Sunday, February 27, 2022

Dear Student

Schwartz, Elly. Dear Student
February 15th 2022 by Delacorte
E ARC provided by

Autumn is having a tough go of it. Her father has decided to pursue his dreams and join the Peace Corps, so he is in Guatemala. Her best friend, Prisha has moved away from Cape Cod. Since the family doesn't have the income from her father's accounting job, the mother has moved Autumn and her sister Pickle to an apartment over her veterinary practice, Hillview Vet. It doesn't help that while walking to school on the first day, Autumn sees a boy run over an iguana in the street with his bike. The two take the animal to her mother, who says it will probably be okay, but the boy says he has to leave. Autumn figures he is a summer tourist, and is a bit sad, because he was not as diffictult to talk to as other people. When Autumn finally makes it to school, she finds that the boy, Cooper, is actually in her class. She is also approached by the bubbly new student, Logan, who is dogged in her determination to befriend Autumn, even inviting her to her house after Logan takes her ball python to Hillview Vet. Autumn is glad to have a friend, but uncomfortable with many of Logan's ideas. Logan has also befriended a popular crowd, and wants Autumn to eat lunch with them, but Autumn ends up eating in a science classroom with Cooper, whose father is also not in the picture. When her teacher announces that he will be picking a 6th grade to be the new voice of the secret "Dear Student" column, Autumn wants to apply... but so does Logan. Autumn doesn't quite believe it when she is picked, but starts to write the columns with a good attitude, happy that she can report to her father that she did something brave and joined one thing, as he asked. Of course, Logan also wants to go to dances, wear matching shirts, and picket a new local business that tests cosmetics on animals. As "Dear Student", Autumn encourages a protest, and finds herself dragged into the planning of this, which angers Cooper, whose mother works at the company and is dependent on the job. Logan doesn't care for Cooper, and Autumn is torn between the two friends. Her anxieties prove valid as she struggles to deal with all of these issues while trying to step up to take care of Pickle.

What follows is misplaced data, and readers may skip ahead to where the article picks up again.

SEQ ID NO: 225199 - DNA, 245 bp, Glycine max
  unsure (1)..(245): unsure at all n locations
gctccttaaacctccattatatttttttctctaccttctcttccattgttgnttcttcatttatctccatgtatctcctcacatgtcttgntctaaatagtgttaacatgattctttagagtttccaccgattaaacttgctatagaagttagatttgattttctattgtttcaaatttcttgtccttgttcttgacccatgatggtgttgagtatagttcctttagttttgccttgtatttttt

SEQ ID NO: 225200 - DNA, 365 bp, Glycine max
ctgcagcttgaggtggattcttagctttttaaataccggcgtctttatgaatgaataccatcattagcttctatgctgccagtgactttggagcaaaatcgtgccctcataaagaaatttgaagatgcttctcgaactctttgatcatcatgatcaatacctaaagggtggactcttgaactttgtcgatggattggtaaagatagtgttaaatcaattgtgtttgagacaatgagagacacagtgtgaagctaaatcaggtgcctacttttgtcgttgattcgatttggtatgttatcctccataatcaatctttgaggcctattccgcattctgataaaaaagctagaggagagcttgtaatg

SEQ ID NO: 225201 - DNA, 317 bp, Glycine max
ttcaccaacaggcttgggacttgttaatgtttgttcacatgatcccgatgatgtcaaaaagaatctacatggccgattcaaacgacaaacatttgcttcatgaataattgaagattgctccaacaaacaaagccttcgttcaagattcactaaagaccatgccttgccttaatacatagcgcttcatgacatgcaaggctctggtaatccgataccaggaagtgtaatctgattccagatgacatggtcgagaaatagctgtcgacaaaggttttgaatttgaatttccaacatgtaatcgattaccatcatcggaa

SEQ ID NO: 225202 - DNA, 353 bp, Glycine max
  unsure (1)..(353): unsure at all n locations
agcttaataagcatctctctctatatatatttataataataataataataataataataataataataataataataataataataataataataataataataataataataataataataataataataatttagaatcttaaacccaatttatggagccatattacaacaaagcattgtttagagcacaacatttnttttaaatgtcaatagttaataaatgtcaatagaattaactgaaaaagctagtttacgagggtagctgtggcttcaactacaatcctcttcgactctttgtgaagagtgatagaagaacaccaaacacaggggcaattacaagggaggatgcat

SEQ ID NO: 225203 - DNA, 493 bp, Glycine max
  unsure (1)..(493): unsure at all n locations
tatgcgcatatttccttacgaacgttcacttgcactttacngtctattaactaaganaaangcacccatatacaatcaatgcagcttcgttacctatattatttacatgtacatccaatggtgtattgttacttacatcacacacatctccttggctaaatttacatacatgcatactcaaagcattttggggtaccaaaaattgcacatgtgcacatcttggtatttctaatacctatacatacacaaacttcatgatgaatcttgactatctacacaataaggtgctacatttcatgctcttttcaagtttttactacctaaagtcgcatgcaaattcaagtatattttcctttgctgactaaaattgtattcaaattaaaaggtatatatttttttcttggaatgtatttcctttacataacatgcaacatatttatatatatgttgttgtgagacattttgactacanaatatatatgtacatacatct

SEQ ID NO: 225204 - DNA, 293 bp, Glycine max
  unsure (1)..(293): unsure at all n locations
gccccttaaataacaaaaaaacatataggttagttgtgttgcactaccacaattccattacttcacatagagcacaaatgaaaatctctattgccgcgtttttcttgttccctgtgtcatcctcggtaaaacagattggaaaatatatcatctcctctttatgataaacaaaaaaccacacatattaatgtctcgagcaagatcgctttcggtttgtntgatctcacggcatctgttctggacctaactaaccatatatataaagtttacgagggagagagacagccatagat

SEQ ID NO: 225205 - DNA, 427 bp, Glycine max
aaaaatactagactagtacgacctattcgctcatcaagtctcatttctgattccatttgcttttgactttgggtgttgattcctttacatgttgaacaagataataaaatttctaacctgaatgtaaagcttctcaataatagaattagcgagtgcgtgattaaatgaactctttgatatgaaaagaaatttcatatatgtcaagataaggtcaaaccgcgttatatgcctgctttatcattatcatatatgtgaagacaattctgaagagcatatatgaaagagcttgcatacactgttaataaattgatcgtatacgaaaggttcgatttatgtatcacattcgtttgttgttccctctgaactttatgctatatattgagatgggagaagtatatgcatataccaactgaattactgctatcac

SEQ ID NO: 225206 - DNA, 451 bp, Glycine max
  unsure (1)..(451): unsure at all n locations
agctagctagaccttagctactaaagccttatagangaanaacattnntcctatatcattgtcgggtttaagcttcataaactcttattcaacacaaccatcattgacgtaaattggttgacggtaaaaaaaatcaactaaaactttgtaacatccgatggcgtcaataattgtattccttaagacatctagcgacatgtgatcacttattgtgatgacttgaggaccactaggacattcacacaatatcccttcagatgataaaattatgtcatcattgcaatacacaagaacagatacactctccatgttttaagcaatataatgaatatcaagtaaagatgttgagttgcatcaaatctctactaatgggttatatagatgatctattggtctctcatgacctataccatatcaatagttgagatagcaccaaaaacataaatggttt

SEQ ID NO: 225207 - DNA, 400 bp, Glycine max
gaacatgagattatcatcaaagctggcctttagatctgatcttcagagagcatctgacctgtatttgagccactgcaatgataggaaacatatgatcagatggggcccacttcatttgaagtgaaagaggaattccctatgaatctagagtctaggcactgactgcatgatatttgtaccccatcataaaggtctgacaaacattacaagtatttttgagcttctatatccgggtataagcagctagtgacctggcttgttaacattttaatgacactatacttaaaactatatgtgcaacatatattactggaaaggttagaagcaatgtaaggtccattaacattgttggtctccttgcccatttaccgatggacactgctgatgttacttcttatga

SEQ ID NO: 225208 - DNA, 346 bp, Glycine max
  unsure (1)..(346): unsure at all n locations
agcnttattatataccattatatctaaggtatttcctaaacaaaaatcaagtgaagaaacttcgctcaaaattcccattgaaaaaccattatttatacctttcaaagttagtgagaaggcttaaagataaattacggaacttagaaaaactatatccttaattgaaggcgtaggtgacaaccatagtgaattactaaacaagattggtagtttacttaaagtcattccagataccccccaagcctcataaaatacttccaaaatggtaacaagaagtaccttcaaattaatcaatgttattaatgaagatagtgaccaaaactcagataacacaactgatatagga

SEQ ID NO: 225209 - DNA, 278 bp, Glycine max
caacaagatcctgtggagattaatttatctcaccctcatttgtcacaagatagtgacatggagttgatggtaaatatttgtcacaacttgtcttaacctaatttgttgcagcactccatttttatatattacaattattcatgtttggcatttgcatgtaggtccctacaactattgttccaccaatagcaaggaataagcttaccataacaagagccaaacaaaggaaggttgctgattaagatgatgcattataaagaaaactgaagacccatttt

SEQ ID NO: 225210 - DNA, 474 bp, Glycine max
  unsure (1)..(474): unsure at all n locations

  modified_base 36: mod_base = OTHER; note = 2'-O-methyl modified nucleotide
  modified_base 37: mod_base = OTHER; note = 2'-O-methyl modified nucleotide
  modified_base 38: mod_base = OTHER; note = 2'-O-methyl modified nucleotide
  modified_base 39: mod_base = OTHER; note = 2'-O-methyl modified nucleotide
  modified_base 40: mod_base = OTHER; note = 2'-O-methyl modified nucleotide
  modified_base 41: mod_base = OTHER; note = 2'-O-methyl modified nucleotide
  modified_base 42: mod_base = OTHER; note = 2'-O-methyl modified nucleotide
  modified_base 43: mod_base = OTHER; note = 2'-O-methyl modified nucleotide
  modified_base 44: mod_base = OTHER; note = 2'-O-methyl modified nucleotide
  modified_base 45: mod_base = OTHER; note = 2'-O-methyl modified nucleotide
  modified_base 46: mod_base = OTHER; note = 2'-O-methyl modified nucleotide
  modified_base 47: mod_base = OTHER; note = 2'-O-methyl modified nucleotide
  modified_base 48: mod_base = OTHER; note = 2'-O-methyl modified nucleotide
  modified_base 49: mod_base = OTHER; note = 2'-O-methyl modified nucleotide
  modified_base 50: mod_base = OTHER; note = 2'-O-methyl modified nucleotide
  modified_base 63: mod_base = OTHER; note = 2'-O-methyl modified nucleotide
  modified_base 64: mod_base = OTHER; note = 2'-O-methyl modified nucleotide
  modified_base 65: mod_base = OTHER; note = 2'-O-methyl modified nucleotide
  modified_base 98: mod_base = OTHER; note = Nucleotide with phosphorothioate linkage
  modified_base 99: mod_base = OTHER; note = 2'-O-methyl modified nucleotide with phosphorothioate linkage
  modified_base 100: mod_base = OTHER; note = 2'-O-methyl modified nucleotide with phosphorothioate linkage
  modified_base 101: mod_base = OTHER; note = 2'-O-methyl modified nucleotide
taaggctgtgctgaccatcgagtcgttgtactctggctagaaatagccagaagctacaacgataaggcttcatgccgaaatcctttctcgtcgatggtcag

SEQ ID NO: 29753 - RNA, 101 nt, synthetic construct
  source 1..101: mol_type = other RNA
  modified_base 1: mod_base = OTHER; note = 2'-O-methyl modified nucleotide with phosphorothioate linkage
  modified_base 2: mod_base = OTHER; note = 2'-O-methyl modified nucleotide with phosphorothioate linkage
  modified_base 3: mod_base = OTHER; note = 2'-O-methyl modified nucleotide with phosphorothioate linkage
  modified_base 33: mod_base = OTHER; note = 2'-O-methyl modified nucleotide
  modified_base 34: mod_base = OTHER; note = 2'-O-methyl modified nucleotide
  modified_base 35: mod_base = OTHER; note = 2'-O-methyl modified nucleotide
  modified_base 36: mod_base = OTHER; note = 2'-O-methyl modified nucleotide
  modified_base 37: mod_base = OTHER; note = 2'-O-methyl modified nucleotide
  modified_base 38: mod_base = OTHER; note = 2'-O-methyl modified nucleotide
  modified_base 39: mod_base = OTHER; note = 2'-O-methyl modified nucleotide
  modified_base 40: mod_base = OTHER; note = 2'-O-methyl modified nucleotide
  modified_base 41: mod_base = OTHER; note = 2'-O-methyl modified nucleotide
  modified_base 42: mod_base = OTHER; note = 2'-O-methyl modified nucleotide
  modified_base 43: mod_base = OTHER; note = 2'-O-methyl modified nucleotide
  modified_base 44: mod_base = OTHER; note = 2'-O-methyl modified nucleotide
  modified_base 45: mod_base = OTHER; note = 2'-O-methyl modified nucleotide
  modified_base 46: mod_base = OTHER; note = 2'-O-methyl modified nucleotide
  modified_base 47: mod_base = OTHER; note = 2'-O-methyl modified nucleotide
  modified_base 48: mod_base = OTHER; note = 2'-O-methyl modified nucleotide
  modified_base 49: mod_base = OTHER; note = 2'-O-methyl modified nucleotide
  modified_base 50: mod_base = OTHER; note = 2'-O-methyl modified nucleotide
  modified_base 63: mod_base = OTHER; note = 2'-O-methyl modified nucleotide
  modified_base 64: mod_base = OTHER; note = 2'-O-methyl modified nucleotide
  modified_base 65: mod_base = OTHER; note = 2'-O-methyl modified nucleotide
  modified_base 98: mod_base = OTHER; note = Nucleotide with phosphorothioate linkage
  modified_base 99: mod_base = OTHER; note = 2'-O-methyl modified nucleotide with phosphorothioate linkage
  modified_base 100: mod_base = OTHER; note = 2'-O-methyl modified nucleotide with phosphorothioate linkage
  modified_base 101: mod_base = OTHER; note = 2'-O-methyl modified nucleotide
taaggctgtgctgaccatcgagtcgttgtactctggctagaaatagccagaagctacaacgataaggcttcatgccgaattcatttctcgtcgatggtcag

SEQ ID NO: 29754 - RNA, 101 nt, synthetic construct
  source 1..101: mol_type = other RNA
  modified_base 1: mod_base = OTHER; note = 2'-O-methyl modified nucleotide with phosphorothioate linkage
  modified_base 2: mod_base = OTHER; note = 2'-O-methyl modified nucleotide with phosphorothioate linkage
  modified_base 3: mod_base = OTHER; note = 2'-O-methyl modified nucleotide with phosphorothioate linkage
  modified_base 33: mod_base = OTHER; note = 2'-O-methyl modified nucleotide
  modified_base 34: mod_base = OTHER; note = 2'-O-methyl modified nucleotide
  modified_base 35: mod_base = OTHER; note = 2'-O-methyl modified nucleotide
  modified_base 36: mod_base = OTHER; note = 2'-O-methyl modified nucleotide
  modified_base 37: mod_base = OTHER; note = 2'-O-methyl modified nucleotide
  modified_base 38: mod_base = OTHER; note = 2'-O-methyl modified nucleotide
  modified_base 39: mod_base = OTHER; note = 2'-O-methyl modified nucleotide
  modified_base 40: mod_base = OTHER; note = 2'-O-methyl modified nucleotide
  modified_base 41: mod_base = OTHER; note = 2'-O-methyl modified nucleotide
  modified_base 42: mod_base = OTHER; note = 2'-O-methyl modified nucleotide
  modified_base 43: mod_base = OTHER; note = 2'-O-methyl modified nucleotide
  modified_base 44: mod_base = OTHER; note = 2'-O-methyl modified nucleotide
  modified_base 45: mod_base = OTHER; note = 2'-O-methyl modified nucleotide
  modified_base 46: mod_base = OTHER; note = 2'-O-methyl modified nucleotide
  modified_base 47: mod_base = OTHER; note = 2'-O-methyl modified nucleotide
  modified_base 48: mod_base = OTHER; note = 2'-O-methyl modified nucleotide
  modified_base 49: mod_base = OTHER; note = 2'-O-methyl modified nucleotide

Strengths: Today's students have a lot to deal with, and it's good to see depictions of families who are struggling with income, housing, and parenting arrangements. Many of my students care for younger siblings. The world has not been all suburban ranches with fathers who go to the office and mothers who are at home for a very long time. Being right above the veterinary practice, and in a community with a changing seasonal population was an interesting setting. Logan was a particularly fascinating character-- a new kid who ISN'T struggling to make friends and who is dealing with a powerful mother who works long hours. The friendship dynamic was absolutely tru to life-- Autumn really wants a friend, even though she doesn't always agree with Logan's plans! The social activism was also pretty typical-- Logan doesn't really investigate the company, but it's good that the students can affect positive change and still have Cooper's mother keep her job! Autumn's struggles with the newspaper column also highlight a typical middle grade mindset; things can be great in theory, but a lot harder in real life. 
Weaknesses: I've never been at a middle school that had a newspaper, but this is certainly a popular topic for fiction. Even Beany Malone wanted to be a reporter! I was also personally VERY angry at the father. Children are at home for such a brief percentage of your life (if you're lucky and live a long time), so the fact that he is willing to sacrifice some of those years seemed odd. I could definitely understand why Autumn was upset. This is also an example of a book where the main character could have been in 8th grade, which would have extended the readership audience a bit. 
What I really think: This is a title that will be popular with readers of Scrivan's Nat Enough, Libenson's Invisible Emmie, Keller's The Science of Breakable Things, and Gerber's Taking Up Space. It was very similar to Bryant's very recent Abby, Ready or Not, to the point where I kept thinking that Autumn had a younger brother rather than Pickle!
 Ms. Yingling

1 comment:

  1. Our middle school has a school newspaper that is run as a class (F.A. Day Middle School in Newton). It's the only middle school of our four middle schools that has its own newspaper.